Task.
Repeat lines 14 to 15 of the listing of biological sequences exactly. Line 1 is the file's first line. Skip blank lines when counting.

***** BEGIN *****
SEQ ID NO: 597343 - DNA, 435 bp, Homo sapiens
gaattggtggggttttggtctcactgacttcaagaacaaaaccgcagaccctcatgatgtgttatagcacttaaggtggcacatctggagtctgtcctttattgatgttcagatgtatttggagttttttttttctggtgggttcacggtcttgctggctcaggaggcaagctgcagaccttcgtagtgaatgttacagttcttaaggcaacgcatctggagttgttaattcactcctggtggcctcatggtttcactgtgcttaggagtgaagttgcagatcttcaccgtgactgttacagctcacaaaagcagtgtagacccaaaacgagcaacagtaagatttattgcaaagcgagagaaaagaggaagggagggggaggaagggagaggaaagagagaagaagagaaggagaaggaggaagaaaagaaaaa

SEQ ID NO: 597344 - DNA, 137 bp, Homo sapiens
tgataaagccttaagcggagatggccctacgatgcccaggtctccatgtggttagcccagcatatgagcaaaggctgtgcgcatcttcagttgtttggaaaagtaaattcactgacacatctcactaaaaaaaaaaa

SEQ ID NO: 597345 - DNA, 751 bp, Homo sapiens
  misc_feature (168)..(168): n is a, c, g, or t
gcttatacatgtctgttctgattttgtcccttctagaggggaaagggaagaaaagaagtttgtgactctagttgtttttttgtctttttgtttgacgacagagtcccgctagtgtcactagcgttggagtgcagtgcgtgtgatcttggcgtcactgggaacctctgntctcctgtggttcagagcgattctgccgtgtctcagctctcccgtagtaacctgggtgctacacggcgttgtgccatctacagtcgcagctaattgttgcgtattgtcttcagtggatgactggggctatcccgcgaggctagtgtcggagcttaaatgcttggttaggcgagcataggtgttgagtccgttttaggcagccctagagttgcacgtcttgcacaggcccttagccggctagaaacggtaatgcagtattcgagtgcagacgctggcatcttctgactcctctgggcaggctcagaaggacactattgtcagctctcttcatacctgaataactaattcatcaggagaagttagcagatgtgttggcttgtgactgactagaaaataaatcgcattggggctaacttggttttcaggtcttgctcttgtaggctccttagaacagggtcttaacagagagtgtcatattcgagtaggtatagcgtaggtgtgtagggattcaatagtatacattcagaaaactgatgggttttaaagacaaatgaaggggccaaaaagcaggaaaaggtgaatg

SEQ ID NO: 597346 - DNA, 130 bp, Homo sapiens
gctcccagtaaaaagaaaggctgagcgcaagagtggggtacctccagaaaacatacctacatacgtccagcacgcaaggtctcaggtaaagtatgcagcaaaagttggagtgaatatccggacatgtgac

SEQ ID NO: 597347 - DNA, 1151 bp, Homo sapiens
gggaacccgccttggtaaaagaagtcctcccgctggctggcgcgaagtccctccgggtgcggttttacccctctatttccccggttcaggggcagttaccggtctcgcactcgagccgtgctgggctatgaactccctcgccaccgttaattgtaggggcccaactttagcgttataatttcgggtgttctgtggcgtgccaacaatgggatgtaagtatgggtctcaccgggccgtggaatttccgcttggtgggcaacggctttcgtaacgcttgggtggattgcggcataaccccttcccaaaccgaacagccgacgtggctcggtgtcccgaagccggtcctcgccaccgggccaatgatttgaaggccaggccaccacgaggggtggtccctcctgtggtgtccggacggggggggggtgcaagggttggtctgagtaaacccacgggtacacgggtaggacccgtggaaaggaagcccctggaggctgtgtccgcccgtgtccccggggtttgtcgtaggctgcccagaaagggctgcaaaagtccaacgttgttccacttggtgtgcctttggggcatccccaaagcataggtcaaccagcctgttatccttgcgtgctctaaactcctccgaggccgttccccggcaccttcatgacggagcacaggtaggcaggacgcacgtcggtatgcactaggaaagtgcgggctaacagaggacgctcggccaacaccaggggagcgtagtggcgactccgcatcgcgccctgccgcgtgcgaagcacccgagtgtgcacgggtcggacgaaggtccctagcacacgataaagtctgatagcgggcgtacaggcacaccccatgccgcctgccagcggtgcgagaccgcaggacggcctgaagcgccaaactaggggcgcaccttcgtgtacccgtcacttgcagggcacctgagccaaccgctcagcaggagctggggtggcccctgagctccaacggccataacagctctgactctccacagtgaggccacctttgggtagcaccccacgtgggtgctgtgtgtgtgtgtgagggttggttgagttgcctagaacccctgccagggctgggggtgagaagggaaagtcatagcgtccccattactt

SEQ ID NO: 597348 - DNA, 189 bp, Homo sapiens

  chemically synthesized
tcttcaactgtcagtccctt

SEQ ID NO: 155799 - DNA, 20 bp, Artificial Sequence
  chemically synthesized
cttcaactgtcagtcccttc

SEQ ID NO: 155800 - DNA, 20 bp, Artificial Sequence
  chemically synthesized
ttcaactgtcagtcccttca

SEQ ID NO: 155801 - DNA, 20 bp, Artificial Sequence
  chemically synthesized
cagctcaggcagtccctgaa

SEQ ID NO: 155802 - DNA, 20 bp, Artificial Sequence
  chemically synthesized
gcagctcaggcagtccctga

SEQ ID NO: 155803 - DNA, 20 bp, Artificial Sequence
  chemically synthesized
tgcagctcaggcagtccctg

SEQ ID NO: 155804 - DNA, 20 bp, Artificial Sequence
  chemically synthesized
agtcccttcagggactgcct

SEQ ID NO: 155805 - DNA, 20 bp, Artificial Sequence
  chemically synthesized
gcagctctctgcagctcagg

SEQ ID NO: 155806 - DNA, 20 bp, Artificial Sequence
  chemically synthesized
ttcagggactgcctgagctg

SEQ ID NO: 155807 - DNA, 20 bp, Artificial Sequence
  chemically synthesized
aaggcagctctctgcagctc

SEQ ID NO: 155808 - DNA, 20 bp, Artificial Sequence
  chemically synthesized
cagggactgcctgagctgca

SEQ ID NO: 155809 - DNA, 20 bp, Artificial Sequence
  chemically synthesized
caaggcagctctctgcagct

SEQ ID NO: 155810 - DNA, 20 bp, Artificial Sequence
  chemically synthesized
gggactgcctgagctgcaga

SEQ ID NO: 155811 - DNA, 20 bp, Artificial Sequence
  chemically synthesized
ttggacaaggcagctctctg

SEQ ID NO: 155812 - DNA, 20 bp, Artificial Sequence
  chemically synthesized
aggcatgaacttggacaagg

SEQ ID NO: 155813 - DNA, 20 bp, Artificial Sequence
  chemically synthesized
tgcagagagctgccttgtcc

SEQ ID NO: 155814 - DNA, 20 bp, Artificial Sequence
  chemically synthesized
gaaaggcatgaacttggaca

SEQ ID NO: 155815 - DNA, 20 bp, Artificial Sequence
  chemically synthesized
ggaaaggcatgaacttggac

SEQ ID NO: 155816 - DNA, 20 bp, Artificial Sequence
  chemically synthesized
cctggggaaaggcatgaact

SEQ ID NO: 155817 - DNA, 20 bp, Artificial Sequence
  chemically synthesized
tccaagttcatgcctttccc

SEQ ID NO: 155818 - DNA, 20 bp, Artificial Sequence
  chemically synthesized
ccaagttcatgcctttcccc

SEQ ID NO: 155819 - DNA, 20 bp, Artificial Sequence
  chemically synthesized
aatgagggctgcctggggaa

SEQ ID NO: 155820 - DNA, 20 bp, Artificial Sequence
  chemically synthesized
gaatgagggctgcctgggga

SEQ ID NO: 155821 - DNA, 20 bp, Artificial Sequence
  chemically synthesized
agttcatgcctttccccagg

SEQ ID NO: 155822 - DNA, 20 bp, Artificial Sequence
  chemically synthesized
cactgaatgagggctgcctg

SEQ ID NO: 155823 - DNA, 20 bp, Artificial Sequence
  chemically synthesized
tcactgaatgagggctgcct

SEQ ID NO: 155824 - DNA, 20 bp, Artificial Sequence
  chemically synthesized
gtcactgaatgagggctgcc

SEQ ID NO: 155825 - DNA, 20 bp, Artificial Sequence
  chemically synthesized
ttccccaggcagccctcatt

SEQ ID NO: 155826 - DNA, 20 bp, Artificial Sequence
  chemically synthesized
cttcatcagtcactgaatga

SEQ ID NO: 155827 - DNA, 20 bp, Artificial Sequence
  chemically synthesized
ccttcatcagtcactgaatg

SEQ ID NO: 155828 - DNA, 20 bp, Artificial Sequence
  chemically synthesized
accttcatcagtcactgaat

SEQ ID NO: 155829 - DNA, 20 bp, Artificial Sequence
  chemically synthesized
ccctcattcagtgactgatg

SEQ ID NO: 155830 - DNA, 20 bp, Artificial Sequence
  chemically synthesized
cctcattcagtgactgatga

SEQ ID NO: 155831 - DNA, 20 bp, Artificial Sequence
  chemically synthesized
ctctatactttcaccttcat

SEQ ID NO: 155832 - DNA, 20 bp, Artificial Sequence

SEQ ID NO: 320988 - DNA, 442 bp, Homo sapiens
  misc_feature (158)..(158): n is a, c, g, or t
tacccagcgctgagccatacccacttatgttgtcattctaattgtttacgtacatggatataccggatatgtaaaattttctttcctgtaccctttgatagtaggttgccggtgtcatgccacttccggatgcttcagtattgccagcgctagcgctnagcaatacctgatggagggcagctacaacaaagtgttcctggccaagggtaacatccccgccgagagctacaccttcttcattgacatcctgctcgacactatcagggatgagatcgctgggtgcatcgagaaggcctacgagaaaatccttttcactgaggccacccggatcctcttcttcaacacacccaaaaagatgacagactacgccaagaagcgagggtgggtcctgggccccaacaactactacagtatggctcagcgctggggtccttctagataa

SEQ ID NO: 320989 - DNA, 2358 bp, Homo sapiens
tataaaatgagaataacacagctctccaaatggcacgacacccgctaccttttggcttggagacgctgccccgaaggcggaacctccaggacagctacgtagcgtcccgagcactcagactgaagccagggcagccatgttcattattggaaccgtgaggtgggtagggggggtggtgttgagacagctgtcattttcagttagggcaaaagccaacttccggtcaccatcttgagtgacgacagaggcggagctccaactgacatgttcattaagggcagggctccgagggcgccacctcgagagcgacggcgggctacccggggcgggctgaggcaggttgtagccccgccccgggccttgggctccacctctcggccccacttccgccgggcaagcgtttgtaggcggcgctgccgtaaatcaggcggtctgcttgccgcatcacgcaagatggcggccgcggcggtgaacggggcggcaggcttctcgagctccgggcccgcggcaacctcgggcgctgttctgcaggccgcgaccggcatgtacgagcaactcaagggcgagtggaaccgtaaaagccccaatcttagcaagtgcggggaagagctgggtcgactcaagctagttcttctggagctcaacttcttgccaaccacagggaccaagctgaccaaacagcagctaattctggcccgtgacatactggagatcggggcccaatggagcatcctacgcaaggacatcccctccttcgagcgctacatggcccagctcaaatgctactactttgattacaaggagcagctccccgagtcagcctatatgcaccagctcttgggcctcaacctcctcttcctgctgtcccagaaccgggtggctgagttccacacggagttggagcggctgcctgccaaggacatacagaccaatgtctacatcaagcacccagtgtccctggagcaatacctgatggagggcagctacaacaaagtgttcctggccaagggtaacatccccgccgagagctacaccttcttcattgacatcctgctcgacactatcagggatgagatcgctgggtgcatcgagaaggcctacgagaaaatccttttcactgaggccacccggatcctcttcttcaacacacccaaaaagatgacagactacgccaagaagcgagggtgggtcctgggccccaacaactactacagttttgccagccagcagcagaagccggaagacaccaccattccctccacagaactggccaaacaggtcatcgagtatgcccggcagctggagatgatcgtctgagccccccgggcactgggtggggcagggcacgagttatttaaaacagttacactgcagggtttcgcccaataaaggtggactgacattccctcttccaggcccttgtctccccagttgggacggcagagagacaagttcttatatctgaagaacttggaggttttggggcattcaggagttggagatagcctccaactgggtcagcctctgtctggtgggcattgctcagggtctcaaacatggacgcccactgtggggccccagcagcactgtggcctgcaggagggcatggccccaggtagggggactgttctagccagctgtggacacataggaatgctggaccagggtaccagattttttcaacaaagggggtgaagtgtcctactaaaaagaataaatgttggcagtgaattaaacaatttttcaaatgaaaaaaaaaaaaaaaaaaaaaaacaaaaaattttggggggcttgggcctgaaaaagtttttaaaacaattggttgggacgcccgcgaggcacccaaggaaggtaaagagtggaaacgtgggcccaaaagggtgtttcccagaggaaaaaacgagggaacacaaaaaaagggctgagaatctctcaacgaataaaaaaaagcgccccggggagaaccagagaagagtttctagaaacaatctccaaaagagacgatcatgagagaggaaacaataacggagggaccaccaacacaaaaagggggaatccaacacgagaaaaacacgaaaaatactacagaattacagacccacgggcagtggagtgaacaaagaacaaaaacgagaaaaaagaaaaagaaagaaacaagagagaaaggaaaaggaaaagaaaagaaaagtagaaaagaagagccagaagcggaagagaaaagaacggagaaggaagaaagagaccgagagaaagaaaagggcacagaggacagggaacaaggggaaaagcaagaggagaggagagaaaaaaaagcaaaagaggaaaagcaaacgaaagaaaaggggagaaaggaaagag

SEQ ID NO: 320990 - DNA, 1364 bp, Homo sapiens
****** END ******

tcttcaactgtcagtccctt

SEQ ID NO: 155799 - DNA, 20 bp, Artificial Sequence